The incredible thing about seaweed is it is actually algae. Some of our first records of seaweed fossils go back 1.7 billion years, but it’s the one plant that’s barely evolved or altered in all that time. And they’re the most resilient and fertile plants on planet earth, which is just staggering!

What’s the best way to forage for seaweed?

With harvesting or foraging, you’re best doing it on a really big tide. You want to go out when it’s low as it can be. And then literally just cut it. But take no more than a third, ever. Try to be really conservative. Same rule as foraging on land really – just be thoughtful, because it obviously needs to reproduce.

@sarahgalerie on Instagram

Are there any uses for seaweed that people might not know about?

If you put Serrated Wrack seaweed in hot water this incredible gel will come out of it and it’s the most amazing, skin-softening stuff. It’s the same thing that goes in very expensive face creams. And it’s all there on the beach, completely free – no need for an expensive spa!

What about the environmentally-friendly aspect of seaweed?

Seaweed can harness more carbon than forests on land. The largest varieties grow up to 40 metres long, so some of the kelp forests are huge. And if you introduce seaweed into a cow’s diet, the methane that they produce is so little, it has dramatically less impact on climate change. Plus, it’s a super nutritious, sustainable food source. It’s so easily dismissed as gloopy brown stuff that we try and avoid, so through my illustrations I wanted to bring seaweed to life and encourage people to appreciate it a little more.

Do you pick the seaweed from the water or find it on the shore?

Initially, if I saw something on the beach that took my fancy then that was what I’d bring back. But as time went on, and the more books I read, there were particular types that I wanted to seek out. There’s a type of blue fan weed – an iridescent blue seaweed which is the most incredible ultra-blue you can imagine, which grows under the water. And, according to my book, the only place that it has been found in the UK is Mylor, near where I live. I was like, “What are the chances of that?!” So I’ve turned into a bit of a seaweed hunter and I’ve been trying to track that one down, but I haven’t found it yet. But I have found this other stuff called Bushy Rainbow Wrack. It’s an iridescent seaweed, so it’s got the most incredible tiny blue glowing tips that look amazing underwater.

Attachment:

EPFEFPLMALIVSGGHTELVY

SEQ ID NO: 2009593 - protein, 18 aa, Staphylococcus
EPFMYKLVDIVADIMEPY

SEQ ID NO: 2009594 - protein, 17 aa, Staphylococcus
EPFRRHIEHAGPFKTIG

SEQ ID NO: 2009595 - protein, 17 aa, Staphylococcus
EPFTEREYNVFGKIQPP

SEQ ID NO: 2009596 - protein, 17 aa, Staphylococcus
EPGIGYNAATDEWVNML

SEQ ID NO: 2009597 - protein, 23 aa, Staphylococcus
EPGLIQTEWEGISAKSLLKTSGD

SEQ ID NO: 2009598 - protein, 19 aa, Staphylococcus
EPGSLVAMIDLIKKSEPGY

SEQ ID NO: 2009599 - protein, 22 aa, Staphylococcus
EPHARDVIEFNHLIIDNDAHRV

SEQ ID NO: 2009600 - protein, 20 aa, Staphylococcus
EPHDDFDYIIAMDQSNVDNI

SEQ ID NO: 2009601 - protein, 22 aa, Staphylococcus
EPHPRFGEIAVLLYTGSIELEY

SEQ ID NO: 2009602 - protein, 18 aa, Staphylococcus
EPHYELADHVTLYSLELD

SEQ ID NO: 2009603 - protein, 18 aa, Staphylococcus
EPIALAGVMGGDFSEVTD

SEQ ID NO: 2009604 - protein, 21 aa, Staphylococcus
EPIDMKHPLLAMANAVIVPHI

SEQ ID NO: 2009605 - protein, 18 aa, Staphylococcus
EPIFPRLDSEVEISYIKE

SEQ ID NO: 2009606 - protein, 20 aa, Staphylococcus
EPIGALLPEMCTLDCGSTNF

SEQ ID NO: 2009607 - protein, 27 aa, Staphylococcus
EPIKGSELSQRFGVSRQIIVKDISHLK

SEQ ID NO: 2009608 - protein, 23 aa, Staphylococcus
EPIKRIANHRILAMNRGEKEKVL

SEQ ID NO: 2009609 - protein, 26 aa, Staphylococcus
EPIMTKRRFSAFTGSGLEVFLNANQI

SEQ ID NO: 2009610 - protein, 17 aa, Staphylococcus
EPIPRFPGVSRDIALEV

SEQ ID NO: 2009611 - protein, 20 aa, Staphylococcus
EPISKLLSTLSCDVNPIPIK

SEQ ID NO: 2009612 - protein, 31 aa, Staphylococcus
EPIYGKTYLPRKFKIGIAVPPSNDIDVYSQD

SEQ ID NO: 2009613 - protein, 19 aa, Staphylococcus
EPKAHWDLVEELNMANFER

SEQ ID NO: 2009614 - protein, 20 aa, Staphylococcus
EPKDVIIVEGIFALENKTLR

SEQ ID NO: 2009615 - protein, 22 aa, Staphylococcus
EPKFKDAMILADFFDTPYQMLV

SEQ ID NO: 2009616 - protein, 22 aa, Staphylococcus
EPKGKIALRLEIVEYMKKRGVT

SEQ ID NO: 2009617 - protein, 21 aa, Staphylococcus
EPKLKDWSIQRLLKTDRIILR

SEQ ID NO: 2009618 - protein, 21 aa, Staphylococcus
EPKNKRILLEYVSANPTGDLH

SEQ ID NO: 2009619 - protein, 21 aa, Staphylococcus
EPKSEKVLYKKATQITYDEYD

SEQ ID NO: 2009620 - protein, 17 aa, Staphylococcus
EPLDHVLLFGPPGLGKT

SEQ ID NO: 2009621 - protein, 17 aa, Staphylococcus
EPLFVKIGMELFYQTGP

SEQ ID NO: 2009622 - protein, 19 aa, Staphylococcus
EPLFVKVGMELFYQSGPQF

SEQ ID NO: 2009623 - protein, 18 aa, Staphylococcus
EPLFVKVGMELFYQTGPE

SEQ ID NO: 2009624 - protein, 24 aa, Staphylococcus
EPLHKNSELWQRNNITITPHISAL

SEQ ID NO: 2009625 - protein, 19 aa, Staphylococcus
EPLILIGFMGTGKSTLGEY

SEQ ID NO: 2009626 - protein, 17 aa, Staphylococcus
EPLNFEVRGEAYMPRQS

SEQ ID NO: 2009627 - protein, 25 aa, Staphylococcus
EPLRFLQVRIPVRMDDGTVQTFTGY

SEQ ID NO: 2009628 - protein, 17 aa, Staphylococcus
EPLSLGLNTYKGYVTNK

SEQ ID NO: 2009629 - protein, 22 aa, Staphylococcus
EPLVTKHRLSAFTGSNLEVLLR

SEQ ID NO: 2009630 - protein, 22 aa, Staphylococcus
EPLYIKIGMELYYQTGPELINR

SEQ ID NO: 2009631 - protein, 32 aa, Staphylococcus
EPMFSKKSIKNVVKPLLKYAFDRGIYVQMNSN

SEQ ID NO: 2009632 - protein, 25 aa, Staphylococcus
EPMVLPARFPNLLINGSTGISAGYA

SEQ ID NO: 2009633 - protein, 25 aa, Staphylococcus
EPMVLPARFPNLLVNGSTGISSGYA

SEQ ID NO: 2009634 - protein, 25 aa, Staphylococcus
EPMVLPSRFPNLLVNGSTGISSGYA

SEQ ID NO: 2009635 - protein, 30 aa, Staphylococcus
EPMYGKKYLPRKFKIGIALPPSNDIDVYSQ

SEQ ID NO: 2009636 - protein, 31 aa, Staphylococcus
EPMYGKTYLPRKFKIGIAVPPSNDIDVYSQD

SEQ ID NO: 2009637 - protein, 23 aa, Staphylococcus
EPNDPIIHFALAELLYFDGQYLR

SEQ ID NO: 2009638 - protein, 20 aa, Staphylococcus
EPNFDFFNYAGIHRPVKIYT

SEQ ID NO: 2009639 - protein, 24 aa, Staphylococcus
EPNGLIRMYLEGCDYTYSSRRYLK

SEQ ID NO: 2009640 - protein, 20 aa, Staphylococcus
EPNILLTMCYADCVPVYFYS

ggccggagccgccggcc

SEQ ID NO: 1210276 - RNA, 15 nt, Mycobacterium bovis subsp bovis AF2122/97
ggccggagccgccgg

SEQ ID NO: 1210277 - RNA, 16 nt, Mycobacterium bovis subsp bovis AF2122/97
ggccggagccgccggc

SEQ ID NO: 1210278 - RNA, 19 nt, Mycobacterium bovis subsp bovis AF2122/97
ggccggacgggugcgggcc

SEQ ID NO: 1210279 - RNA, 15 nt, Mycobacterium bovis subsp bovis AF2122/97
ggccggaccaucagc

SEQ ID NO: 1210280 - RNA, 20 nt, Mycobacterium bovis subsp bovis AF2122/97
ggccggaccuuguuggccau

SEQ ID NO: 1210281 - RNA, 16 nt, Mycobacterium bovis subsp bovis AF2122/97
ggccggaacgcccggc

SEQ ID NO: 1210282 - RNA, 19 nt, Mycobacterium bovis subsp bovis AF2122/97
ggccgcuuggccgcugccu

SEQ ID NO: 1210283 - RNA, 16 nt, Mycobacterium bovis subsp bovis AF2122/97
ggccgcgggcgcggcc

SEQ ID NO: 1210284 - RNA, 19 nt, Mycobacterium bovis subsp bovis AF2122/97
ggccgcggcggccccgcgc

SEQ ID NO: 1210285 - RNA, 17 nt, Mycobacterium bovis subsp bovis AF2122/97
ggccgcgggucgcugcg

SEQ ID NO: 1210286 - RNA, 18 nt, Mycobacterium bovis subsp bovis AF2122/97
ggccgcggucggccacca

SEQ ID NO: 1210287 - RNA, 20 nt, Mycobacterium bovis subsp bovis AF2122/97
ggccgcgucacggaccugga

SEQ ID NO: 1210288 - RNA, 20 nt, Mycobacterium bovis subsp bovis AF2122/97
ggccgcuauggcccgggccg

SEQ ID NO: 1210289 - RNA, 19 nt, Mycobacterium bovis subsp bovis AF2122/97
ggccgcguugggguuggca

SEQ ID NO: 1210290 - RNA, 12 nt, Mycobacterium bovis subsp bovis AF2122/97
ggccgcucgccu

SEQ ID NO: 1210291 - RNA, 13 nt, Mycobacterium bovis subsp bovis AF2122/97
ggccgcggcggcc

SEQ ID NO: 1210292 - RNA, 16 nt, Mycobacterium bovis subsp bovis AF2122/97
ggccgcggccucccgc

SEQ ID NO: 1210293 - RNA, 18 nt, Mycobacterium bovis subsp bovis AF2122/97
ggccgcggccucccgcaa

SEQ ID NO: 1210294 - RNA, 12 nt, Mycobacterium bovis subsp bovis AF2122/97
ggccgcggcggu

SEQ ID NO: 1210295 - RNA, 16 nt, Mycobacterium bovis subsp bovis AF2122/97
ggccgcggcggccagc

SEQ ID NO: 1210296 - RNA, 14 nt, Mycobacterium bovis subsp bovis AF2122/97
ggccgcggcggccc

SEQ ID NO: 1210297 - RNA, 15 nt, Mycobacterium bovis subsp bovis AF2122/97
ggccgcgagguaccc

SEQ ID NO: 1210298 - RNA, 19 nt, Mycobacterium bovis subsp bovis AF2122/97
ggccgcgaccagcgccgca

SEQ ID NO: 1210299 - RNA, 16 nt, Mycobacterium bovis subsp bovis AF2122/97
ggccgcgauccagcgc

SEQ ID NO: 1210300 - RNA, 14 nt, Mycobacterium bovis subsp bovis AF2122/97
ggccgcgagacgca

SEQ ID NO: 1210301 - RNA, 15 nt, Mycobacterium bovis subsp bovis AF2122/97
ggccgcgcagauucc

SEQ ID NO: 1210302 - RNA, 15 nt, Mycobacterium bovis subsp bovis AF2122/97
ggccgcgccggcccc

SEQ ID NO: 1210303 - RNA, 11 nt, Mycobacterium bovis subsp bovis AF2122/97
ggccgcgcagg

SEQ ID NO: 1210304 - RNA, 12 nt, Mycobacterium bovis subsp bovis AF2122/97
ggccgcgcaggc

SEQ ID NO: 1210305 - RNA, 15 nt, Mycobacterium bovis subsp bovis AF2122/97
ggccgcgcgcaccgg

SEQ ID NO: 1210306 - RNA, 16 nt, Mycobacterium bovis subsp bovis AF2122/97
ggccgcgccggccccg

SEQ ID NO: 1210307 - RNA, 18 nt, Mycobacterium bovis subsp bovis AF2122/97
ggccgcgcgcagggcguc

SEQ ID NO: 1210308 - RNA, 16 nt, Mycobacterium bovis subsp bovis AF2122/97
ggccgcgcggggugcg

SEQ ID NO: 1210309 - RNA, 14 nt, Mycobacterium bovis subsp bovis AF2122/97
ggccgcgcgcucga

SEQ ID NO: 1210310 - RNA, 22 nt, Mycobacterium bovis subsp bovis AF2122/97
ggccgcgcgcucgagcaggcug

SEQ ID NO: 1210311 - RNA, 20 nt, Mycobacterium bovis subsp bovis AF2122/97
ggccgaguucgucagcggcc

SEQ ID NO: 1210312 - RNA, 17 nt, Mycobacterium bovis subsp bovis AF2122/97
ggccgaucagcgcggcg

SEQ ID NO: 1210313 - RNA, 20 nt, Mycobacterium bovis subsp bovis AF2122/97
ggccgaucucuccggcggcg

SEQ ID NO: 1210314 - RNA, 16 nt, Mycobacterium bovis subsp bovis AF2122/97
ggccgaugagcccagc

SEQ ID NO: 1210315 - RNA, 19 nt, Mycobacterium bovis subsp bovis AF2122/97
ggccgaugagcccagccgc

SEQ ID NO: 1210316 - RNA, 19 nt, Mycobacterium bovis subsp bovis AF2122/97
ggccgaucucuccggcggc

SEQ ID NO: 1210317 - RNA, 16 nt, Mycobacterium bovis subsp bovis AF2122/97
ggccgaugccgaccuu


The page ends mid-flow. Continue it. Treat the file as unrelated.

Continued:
Do you eat much seaweed?

I had it for tea last night, actually! Sea Spaghetti, which are the long strands you find on the beach. You just boil up some linguine and chuck it in and it adds a lovely crunch. It’s a golden ochre colour but when you throw it in the water it instantly turns bright green. Plus, it’s properly good for you.

Have you exhibited your seaweed illustrations?

No, but I do want to. I’ve exhibited with the Royal Horticultural Society (RHS) quite a few times, so it would be great to do it with them again. Edinburgh Botanical Gardens also host exhibitions, and I know they’re keen on seaweed in Scotland what with all those isles.

How has this project changed your relationship with nature and the sea?

I’ve learnt that when you really put the time into a project and it becomes almost like a ritual, you develop even more of a curiosity and fascination. I guess what that’s created in me is an even deeper connection with the sea. I just really want to protect it – I don’t want these things to disappear. Cornwall is such a beautiful place, and for me, living by Castle Beach; it’s one of the best rock-pooling spots in the county. It would be so sad if that wasn’t the same in ten years’ time. So, I hope that maybe from me doing these illustrations and people enjoying them that that might trigger others to ask more questions and do something good to protect the sea.


You can find more of Sarah Jane’s work at and @botanical.atelier